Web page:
Back when I was growing up in Alexander City (“Eleck” City to the locals), there was no special, elegant restaurant at which to dine. We mainly had fast food establishments, and my friends and I frequented Hardee’s, Pizza Hut and Sonic.
In fact, I am ashamed to admit that once when I was driving my Daddy’s truck (I can no longer remember why I was doing that), I wheeled into a space at Sonic and promptly hit the tray holder. Terrified, I quickly backed up and left the scene of the accident; I plead guilty to being young and stupid at the time.
When we were seniors at Benjamin Russell High School, Amelia, Leigh Ann and I, our dates and about everyone else in our class, chose to go to Western Sizzlin’ for our pre-prom dinner. I had been looking forward to that steak dinner all week, but, alas, it was not to be. When we got in line to order, I asked my date what he usually ordered at Western Sizzlin’. Big mistake. He said, “I’m not very hungry. I’ll just have a cheeseburger.” Again, being young and stupid, I too ordered “just a cheeseburger.” Back then, I lacked self esteem and thought that I shouldn’t order a more expensive item than my date did. Wrong. Knowing what I know now, I would have ordered that steak and would have enjoyed it with a clear conscience.
Also, I made another mistake: I told my family what had happened. My Daddy and brothers teased me for quite some time. They’d say, “I’ll just have a cheeseburger. What will you just have?” Incensed, I’d yell, “He didn’t say that!” which only made it worse. But I digress.
Awhile back, my good friend Amelia and an acquaintance had told me about a very special restaurant called SpringHouse in Alexander City. When SpringHouse was featured in Southern Living, I knew that I needed to dine there.
Recently, Mike and I drove to Alex City to SpringHouse, which is currently serving dinner in a temporary location, at 57 Russell Farms Road inside the Fannie Goldmine Diner.
Unfortunately, last December, there was a fire at SpringHouse in its original location at 12 Benson Mill Road. Both Fannie Goldmine Diner and SpringHouse are locally owned by Ben and Lou Ann Russell of Russell Crossroads.
Fannie Goldmine Diner serves breakfast and lunch, allowing SpringHouse to serve dinner there until will moves back to its restored building on Benson Mill Road, hopefully in September.
McKenzie, our server, was an absolute delight. She answered all of my questions about SpringHouse and was so friendly and helpful. It was easy to see that she loves working with the staff of SpringHouse and admires their devotion to the restaurant. She was very complimentary of head chef Pete McKinney and chef de cuisine Andrew Ellis.
“Stephanie, our front house manager and wine director, has been instrumental in keeping us together in a temporary, new location,” McKenzie said, adding that many of SpringHouse’s employees drive from Auburn to work at the restaurant.
Madison, who is McKenzie’s assistant, was terrific and said she also loves working at Spring-House because “the people make you want to work harder.” This retired English teacher gives McKenzie and Madison an A+ for being two of the best service staff members I’ve ever seen.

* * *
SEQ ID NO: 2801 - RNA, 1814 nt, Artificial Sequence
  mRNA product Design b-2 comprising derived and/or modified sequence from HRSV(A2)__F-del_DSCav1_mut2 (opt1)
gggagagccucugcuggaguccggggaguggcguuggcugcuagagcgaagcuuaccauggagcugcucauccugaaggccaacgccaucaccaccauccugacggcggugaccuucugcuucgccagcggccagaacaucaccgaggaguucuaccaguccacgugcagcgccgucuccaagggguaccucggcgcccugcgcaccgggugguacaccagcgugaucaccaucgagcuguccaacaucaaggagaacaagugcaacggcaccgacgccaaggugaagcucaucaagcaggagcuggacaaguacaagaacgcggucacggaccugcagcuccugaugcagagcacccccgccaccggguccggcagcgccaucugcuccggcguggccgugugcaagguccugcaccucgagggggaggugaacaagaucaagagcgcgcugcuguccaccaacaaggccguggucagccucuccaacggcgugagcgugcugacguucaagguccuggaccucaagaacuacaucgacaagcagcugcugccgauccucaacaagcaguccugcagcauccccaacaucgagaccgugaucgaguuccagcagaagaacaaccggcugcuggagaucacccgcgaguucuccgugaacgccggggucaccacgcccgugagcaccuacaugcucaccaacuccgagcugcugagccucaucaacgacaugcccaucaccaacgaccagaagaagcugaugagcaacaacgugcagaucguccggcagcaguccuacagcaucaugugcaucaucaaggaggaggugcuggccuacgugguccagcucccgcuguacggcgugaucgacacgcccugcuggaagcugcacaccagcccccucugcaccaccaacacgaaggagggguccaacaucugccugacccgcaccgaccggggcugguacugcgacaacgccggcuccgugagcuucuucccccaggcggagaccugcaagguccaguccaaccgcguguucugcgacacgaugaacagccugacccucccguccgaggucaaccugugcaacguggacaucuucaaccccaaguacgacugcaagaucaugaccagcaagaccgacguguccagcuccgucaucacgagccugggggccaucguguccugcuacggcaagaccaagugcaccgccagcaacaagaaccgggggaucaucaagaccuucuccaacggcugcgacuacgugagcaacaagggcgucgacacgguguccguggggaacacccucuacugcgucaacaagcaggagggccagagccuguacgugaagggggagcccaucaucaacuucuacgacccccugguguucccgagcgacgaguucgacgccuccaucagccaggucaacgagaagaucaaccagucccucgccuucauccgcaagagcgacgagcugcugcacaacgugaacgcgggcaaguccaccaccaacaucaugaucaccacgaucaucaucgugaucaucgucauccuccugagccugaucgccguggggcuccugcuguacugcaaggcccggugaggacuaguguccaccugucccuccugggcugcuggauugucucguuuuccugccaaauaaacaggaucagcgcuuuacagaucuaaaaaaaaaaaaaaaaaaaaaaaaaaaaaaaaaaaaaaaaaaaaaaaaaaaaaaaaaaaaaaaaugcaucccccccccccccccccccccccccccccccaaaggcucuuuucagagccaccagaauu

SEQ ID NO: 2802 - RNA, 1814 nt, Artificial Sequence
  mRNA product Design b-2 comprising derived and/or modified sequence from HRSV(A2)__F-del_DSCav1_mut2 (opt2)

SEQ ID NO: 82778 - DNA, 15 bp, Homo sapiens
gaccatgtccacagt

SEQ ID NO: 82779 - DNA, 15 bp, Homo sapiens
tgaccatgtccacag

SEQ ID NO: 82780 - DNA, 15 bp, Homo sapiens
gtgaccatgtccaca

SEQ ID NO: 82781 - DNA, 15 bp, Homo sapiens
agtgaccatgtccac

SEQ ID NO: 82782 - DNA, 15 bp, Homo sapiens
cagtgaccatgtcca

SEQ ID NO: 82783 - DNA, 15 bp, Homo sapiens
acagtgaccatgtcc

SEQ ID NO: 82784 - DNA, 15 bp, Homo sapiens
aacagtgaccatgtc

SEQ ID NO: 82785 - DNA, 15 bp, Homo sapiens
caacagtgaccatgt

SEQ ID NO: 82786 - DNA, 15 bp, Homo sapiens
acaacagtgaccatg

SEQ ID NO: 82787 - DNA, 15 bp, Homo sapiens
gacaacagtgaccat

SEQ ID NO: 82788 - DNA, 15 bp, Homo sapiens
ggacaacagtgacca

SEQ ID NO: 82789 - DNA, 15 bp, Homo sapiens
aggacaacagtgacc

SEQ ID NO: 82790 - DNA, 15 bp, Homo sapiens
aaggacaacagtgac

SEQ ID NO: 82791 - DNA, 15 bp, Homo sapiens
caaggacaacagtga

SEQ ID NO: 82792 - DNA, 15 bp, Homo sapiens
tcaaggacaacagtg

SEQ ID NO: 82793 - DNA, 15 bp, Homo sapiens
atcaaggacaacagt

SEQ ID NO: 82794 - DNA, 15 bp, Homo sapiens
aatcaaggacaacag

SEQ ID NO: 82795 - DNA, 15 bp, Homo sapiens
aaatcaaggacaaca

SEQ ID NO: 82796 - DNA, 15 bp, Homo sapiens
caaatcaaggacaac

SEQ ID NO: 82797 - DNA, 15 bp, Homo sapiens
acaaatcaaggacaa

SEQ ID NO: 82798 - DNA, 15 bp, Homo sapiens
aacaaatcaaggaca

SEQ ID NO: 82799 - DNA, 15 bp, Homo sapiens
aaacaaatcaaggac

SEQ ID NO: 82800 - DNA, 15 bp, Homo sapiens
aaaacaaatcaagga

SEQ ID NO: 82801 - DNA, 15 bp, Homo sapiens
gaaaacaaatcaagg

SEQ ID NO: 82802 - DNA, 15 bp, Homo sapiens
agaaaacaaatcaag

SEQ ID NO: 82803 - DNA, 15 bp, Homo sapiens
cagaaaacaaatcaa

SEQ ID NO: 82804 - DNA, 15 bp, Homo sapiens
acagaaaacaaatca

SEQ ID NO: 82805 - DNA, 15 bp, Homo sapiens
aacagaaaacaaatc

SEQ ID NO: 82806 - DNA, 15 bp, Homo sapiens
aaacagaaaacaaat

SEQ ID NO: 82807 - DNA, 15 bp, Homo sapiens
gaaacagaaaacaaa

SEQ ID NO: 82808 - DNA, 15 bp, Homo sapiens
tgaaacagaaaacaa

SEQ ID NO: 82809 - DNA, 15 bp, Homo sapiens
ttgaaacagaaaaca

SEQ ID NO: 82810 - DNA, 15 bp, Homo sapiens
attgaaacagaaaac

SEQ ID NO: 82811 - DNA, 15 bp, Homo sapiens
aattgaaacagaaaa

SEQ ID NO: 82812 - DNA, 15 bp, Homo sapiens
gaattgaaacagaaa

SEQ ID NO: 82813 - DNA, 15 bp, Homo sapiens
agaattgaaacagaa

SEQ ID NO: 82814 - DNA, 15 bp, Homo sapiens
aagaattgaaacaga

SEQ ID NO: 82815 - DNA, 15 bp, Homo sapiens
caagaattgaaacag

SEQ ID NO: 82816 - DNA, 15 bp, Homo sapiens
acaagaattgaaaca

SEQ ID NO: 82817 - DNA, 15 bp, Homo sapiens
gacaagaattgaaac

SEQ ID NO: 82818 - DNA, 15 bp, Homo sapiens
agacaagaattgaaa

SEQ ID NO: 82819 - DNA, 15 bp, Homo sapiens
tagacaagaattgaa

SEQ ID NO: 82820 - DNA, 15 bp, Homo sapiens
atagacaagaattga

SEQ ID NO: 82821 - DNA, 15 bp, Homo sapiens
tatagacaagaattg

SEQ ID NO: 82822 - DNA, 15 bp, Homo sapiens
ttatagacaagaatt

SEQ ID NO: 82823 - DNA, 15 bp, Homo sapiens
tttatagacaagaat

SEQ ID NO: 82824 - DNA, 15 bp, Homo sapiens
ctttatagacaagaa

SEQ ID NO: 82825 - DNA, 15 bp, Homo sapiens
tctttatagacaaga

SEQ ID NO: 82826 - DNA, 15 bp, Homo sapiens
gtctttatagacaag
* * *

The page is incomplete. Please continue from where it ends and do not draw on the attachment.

Although SpringHouse is in a temporary home, it was warm, lovely and elegant. As first time diners, Mike and I were treated to some stuffed peppadews, which are South African peppers. They were really delicious.
For our starter, Mike and I chose the SpringHouse pimento cheese with celery and house made crackers. It was so wonderful, we gobbled up every bite. However, thankfully, we refrained from licking the plate since our parents taught us good table manners.
For his entrée, Mike chose the pan seared red grouper, which included Hickory Grove Farm’s grits, braised fennel and house made smoked orange salsa. I selected the pan seared chicken breast, which included house made rosemary and lemon agnolotti, ricotta, asparagus, truffled chicken demi-glace and basil oil. Oh my, two times. Everything was so tasty. We thoroughly enjoyed it.
Besides our delectable pimento cheese, SpringHouse offers other starters such as garden kale salad, smoked red snapper dip, mushroom strudel, roasted beet and burrata salad and crispy softshell crab.
Other entrees diners may enjoy include roasted stuffed pepper, pan seared scallops and pan seared beef tenderloin. Mike and I behaved ourselves and didn’t have dessert (again, I hope that Lynn Hudson, my diabetic specialist, is reading this) however, one day when my A1C has greatly dropped, I hope to attack the carrot cake cheesecake.
McKenzie described the view from SpringHouse’s original building: “At night, when the horses and deer come out in the pasture, it’s so magical,” she said. After that description, Mike and I had to investigate that view, so we drove less than a mile to 12 Benson Mill Road to see it.
McKenzie described it well. Although the horses and deer hadn’t entered the pasture yet, the beautiful landscape was stunning. And I am so delighted that my hometown of Alexander City has a lovely, special restaurant at which people may dine. Trust me, run and do not walk to SpringHouse so that you may be one of those people.
SpringHouse is open Wednesday through Saturday evenings from 5 to 9 p.m. Reservations are required and may be made by calling (256) 215-7080 or by going online to resy.com.
SpringHouse makes the grade with an A+ from this retired English teacher. Remember, “Pooh-sized” people NEVER lie about food. Enjoy!
Stacey Patton Wallace, who retired from teaching language arts for 30 years, is a professional diner. Her column, “Making the Grade,” will appear every other week in The Observer. Stacey may be reached at retiredlangartsteacher2020@gmail.com.